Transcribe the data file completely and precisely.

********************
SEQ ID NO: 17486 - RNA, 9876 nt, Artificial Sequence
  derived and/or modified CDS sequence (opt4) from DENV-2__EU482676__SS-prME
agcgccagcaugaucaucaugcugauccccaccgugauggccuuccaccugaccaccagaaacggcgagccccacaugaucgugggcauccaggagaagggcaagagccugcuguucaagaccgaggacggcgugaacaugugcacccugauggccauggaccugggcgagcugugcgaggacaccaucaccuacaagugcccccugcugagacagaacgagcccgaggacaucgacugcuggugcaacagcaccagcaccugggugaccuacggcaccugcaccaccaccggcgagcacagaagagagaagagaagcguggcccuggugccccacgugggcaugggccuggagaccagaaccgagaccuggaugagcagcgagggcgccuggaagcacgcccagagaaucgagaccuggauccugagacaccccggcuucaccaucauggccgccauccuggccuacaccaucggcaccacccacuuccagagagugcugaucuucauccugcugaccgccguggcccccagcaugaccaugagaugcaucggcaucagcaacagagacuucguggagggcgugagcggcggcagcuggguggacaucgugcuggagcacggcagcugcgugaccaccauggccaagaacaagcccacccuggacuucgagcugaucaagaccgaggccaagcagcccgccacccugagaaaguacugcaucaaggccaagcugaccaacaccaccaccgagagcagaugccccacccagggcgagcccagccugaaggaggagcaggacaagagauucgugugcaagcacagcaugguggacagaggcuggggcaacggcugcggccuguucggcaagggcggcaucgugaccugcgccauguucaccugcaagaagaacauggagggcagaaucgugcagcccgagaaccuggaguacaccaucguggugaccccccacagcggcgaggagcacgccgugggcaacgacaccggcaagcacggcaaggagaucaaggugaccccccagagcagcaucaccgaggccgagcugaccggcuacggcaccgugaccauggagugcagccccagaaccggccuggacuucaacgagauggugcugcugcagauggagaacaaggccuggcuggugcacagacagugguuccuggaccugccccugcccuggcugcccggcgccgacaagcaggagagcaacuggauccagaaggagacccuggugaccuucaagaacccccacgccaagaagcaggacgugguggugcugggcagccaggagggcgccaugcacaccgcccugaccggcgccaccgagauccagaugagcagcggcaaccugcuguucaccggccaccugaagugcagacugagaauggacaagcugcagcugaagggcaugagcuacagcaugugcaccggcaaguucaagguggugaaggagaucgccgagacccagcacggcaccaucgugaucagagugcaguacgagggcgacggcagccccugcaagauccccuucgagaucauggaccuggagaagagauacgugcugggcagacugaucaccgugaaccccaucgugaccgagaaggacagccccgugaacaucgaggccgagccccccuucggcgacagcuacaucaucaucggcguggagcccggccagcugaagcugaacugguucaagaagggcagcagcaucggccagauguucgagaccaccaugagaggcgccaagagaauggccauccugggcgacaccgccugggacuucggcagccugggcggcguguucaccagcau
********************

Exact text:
SEQ ID NO: 17486 - RNA, 9876 nt, Artificial Sequence
  derived and/or modified CDS sequence (opt4) from DENV-2__EU482676__SS-prME
agcgccagcaugaucaucaugcugauccccaccgugauggccuuccaccugaccaccagaaacggcgagccccacaugaucgugggcauccaggagaagggcaagagccugcuguucaagaccgaggacggcgugaacaugugcacccugauggccauggaccugggcgagcugugcgaggacaccaucaccuacaagugcccccugcugagacagaacgagcccgaggacaucgacugcuggugcaacagcaccagcaccugggugaccuacggcaccugcaccaccaccggcgagcacagaagagagaagagaagcguggcccuggugccccacgugggcaugggccuggagaccagaaccgagaccuggaugagcagcgagggcgccuggaagcacgcccagagaaucgagaccuggauccugagacaccccggcuucaccaucauggccgccauccuggccuacaccaucggcaccacccacuuccagagagugcugaucuucauccugcugaccgccguggcccccagcaugaccaugagaugcaucggcaucagcaacagagacuucguggagggcgugagcggcggcagcuggguggacaucgugcuggagcacggcagcugcgugaccaccauggccaagaacaagcccacccuggacuucgagcugaucaagaccgaggccaagcagcccgccacccugagaaaguacugcaucaaggccaagcugaccaacaccaccaccgagagcagaugccccacccagggcgagcccagccugaaggaggagcaggacaagagauucgugugcaagcacagcaugguggacagaggcuggggcaacggcugcggccuguucggcaagggcggcaucgugaccugcgccauguucaccugcaagaagaacauggagggcagaaucgugcagcccgagaaccuggaguacaccaucguggugaccccccacagcggcgaggagcacgccgugggcaacgacaccggcaagcacggcaaggagaucaaggugaccccccagagcagcaucaccgaggccgagcugaccggcuacggcaccgugaccauggagugcagccccagaaccggccuggacuucaacgagauggugcugcugcagauggagaacaaggccuggcuggugcacagacagugguuccuggaccugccccugcccuggcugcccggcgccgacaagcaggagagcaacuggauccagaaggagacccuggugaccuucaagaacccccacgccaagaagcaggacgugguggugcugggcagccaggagggcgccaugcacaccgcccugaccggcgccaccgagauccagaugagcagcggcaaccugcuguucaccggccaccugaagugcagacugagaauggacaagcugcagcugaagggcaugagcuacagcaugugcaccggcaaguucaagguggugaaggagaucgccgagacccagcacggcaccaucgugaucagagugcaguacgagggcgacggcagccccugcaagauccccuucgagaucauggaccuggagaagagauacgugcugggcagacugaucaccgugaaccccaucgugaccgagaaggacagccccgugaacaucgaggccgagccccccuucggcgacagcuacaucaucaucggcguggagcccggccagcugaagcugaacugguucaagaagggcagcagcaucggccagauguucgagaccaccaugagaggcgccaagagaauggccauccugggcgacaccgccugggacuucggcagccugggcggcguguucaccagcau